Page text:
On Friday, the U.S. House of Representatives approved the Marijuana Opportunity, Reinvestment, and Expungement (MORE) Act to federally legalize marijuana, along with two amendments. This isn’t the first time the House has initiated the process of federal legalization; a nearly identical version of this Act passed the House in 2019, but as the country is well aware, the bill stalled in the Senate. Despite Democrats’ technical majority in the Senate with Vice President Kamala Harris as tie-breaker, this bill likely won’t pass the Senate due to certain unreliable Democratic Senators and the host of geopolitical and economic events currently dominating the congressional agenda.
What would the bill do if passed in the Senate?
The MORE Act would deschedule marijuana by removing it from the list of Schedule I federally banned drugs under the Controlled Substances Act (CSA). States would not be required to legalize and would retain some degree of regulatory discretion over cannabis in their jurisdictions.
Cannabis products would be subject to a federal excise tax of 5% for the first two years after enactment, rising to 8% by the 5th year of implementation. The bill would also prevent individuals from being denied federal public benefits solely on marijuana use or possession or for past juvenile convictions for cannabis offenses.
Marijuana producers and importers would need to obtain a federal permit and would be subject to a $1,000 annual federal tax for each premises operated. Additionally, the bill would impose certain packaging and labeling requirements for marijuana products to be consumed and sold.
The House approved two amendments to the bill. The first would provide for $10 million for the National Highway Traffic Safety Administration to conduct research on technology and methods for law enforcement to determine whether a driver is impaired by marijuana. The other amendment approved would require the National Institute for Occupational Safety and Health to study the impact of recreational cannabis legalization on the workplace, develop employer best practices for transitioning cannabis policies, and prioritize practices for employers engaged in federal infrastructure projects, transportation, public safety, and national security.
Where would marijuana revenue go?
Following a Rules Committee vote on the bill on Wednesday this week, the Congressional Budget Office (CBO) released a report finding that enacting the MORE Act would add billions in revenue and reduce prison costs substantially over the next decade.
Revenue from cannabis sales would be placed in an “Opportunity Trust Fund,” with half of those dollars going to a “Community Reinvestment Grant Program,” which would fund eligible non-profit organizations that provide services, such as job training, reentry services, and legal aid, for individuals impacted by the War on Drugs. The program would also support funding for substance disorder treatment for any drug, not just cannabis, for people from impacted communities.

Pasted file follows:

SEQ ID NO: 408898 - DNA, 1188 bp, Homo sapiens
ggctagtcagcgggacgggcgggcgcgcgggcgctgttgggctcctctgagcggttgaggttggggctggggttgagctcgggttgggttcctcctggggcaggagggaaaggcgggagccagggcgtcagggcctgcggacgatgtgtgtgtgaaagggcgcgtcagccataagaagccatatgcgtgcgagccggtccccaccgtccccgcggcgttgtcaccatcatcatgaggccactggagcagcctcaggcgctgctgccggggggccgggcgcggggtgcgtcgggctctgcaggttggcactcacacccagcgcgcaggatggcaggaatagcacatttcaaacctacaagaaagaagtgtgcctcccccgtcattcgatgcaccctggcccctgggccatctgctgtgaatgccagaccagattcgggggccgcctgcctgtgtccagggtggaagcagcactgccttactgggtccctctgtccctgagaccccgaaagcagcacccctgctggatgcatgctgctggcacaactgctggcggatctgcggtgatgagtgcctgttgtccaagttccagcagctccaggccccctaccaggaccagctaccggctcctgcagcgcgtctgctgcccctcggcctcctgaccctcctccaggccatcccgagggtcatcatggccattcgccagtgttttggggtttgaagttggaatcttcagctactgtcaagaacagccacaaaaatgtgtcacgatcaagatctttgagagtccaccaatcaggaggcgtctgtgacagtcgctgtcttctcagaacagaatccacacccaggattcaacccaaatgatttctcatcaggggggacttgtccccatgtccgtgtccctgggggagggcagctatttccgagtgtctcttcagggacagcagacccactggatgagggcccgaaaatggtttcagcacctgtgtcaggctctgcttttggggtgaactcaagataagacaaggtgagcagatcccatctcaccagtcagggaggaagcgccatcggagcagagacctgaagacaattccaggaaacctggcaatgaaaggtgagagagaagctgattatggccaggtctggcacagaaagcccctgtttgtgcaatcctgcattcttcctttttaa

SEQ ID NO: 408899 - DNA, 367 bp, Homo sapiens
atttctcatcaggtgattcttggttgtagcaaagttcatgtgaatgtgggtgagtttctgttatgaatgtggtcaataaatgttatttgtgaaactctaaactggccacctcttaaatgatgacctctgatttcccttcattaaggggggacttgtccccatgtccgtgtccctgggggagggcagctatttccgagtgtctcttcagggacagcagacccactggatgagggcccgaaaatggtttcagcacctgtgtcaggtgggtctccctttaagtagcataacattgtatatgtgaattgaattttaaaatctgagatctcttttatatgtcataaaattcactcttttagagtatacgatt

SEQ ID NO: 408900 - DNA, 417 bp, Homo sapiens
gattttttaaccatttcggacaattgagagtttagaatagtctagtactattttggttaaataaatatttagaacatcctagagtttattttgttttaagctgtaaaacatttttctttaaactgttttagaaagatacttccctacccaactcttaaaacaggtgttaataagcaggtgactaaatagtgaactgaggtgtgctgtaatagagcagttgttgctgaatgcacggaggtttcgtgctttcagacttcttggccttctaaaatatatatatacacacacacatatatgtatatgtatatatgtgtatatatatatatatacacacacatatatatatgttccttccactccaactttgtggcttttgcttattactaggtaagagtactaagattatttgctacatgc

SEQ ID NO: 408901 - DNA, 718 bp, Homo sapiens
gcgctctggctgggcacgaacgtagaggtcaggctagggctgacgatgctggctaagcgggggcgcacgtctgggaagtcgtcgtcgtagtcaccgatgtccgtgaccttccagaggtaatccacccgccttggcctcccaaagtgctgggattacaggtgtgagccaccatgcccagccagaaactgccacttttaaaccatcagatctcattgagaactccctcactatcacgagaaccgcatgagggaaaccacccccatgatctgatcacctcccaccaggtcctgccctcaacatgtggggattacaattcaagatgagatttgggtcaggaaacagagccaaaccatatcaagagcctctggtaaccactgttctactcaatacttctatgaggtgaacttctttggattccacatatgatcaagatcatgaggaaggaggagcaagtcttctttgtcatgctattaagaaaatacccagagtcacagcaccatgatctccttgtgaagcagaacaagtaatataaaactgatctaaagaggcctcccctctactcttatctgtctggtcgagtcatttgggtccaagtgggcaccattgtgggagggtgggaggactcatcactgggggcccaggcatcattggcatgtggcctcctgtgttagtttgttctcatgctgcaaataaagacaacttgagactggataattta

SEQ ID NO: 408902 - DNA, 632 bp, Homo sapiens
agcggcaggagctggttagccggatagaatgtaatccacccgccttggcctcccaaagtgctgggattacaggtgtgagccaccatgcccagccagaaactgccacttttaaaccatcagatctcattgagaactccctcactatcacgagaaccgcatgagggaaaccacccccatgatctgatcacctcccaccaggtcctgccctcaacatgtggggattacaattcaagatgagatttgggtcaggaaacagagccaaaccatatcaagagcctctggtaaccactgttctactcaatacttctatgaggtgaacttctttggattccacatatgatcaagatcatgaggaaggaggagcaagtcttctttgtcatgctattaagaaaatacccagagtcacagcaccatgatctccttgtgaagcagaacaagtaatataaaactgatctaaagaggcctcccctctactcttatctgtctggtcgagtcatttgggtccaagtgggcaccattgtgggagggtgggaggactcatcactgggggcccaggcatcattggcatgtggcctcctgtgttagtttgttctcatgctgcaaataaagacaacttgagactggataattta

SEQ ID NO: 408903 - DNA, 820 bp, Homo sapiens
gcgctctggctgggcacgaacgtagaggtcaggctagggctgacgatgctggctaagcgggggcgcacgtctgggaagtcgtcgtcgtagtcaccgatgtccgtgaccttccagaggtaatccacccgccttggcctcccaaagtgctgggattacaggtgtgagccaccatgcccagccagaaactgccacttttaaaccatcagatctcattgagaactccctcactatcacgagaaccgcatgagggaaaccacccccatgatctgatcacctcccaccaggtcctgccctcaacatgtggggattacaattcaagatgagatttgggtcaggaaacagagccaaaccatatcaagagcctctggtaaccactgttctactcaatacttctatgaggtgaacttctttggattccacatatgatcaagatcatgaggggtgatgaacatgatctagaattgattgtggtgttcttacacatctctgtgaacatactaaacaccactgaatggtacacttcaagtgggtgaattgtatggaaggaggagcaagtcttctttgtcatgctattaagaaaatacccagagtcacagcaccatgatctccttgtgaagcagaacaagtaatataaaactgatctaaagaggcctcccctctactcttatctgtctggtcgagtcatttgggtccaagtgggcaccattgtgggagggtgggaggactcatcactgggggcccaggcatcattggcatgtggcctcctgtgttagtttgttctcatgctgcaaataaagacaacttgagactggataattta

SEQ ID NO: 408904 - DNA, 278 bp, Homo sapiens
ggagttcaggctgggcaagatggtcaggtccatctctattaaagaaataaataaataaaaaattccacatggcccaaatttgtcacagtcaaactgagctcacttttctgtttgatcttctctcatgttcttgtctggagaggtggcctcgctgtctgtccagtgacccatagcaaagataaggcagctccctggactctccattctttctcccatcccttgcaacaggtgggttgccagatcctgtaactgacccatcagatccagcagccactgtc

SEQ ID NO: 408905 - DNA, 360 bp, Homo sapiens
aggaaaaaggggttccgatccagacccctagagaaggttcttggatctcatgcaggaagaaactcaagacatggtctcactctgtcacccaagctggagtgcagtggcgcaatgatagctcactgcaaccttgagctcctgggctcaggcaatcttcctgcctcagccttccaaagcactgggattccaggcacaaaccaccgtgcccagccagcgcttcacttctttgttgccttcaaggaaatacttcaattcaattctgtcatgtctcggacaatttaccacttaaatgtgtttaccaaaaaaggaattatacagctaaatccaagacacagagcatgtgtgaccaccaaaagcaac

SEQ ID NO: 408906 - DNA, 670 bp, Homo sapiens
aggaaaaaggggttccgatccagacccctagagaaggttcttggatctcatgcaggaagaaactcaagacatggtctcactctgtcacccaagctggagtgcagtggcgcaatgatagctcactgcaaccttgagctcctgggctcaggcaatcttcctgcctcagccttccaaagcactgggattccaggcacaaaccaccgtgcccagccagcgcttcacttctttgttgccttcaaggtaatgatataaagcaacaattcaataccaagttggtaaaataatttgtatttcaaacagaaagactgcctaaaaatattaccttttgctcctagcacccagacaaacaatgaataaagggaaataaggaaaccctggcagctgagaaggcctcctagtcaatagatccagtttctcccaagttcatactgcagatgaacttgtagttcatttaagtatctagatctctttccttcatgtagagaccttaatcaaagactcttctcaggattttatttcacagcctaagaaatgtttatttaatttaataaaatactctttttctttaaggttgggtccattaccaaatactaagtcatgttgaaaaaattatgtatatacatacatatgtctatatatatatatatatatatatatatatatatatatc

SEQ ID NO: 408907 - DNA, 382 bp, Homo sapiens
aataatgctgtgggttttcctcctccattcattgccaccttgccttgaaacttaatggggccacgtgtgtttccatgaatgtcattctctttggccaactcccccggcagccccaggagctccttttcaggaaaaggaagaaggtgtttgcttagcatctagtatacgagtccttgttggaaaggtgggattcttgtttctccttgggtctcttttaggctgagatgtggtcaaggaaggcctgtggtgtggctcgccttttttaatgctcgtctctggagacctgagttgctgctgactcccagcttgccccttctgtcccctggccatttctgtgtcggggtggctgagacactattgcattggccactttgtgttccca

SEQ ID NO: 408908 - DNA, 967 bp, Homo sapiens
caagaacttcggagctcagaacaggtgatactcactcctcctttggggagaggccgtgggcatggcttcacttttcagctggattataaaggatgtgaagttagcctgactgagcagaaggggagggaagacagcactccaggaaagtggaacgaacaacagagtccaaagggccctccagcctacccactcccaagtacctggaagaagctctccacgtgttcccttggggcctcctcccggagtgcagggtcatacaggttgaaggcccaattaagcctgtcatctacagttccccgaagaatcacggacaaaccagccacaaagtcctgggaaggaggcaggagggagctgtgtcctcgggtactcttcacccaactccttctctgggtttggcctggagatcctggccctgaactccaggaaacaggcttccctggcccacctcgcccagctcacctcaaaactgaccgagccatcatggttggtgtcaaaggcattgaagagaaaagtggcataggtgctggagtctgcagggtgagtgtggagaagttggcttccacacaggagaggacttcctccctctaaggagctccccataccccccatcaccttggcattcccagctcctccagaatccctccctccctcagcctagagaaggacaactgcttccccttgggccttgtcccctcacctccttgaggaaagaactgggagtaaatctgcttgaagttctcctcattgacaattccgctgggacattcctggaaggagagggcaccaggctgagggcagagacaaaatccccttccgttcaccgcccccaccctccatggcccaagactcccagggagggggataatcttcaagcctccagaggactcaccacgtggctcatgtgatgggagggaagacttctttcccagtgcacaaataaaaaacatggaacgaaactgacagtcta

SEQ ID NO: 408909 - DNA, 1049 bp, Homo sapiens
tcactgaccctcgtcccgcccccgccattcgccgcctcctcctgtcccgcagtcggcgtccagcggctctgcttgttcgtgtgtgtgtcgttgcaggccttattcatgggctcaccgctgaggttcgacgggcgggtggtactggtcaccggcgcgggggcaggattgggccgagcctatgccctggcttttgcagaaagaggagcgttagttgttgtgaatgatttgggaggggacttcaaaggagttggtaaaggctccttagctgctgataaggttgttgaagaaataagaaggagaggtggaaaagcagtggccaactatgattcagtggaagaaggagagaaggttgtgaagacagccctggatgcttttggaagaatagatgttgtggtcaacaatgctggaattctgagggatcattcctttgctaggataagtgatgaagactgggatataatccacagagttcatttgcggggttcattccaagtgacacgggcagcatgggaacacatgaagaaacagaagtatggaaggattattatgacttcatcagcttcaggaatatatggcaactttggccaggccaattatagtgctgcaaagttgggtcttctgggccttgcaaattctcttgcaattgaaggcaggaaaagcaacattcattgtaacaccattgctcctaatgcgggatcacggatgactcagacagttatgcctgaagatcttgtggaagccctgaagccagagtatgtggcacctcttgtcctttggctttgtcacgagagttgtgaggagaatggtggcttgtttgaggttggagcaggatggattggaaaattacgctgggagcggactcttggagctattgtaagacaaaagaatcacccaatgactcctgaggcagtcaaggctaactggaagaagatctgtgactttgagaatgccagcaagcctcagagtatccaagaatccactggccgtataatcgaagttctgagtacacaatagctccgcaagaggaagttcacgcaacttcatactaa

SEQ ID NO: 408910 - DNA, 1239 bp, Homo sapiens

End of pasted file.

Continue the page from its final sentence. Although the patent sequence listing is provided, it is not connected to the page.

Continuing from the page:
Of that 50%, 10% would go toward supporting these substance treatment programs, and 40% would go to the federal Small Business Administration (SBA) to support the bill’s implementation and a newly created equitable licensing grant program. The equitable licensing program would provide licensing grants to states and localities that move to expunge records of individuals with prior marijuana convictions or that have taken steps to eliminate violations or penalties for people under state criminal supervision for cannabis related offenses.
How does the bill address equity concerns?
The bill proposes a Cannabis Restorative Opportunity Program, which would provide funding for loans to assist small businesses owned and controlled by individuals adversely impacted by the War on Drugs in eligible states and localities.
Additionally, the comptroller general, in consultation with the U.S. Department of Health and Human Services, would be required to study demographics of individuals who have faced federal marijuana convictions, tracking information such as age, race, ethnicity, sex, and gender identity.
The Senate has its own marijuana legalization bill, the Cannabis Administration & Opportunity Act (CAOA), currently being finalized by Majority Leader Chuck Schumer (D-NY) and his colleagues. In a press conference in February, Senator Schumer stated that he plans to file that bill this month. As noted in our blog post on the topic, passing this bill requires surpassing the 60-vote threshold imposed by the Senate filibuster rule, meaning Senator Schumer must gain support of all Senate Democrats plus ten Senate Republicans, which is unlikely to happen.
Additionally, Representative Nancy Mace (R-SC) is sponsoring legislation, called the States Reform Act, that would tax and regulate marijuana. Rep. Mace has stated that she received assurances from Democratic voters that her bill will receive a hearing following the MORE Act floor vote.
Watch this space for more updates on all things cannabis, CBD, hemp, and psilocybin.
You can contact Allison Campbell at email@example.com or 503-488-5424.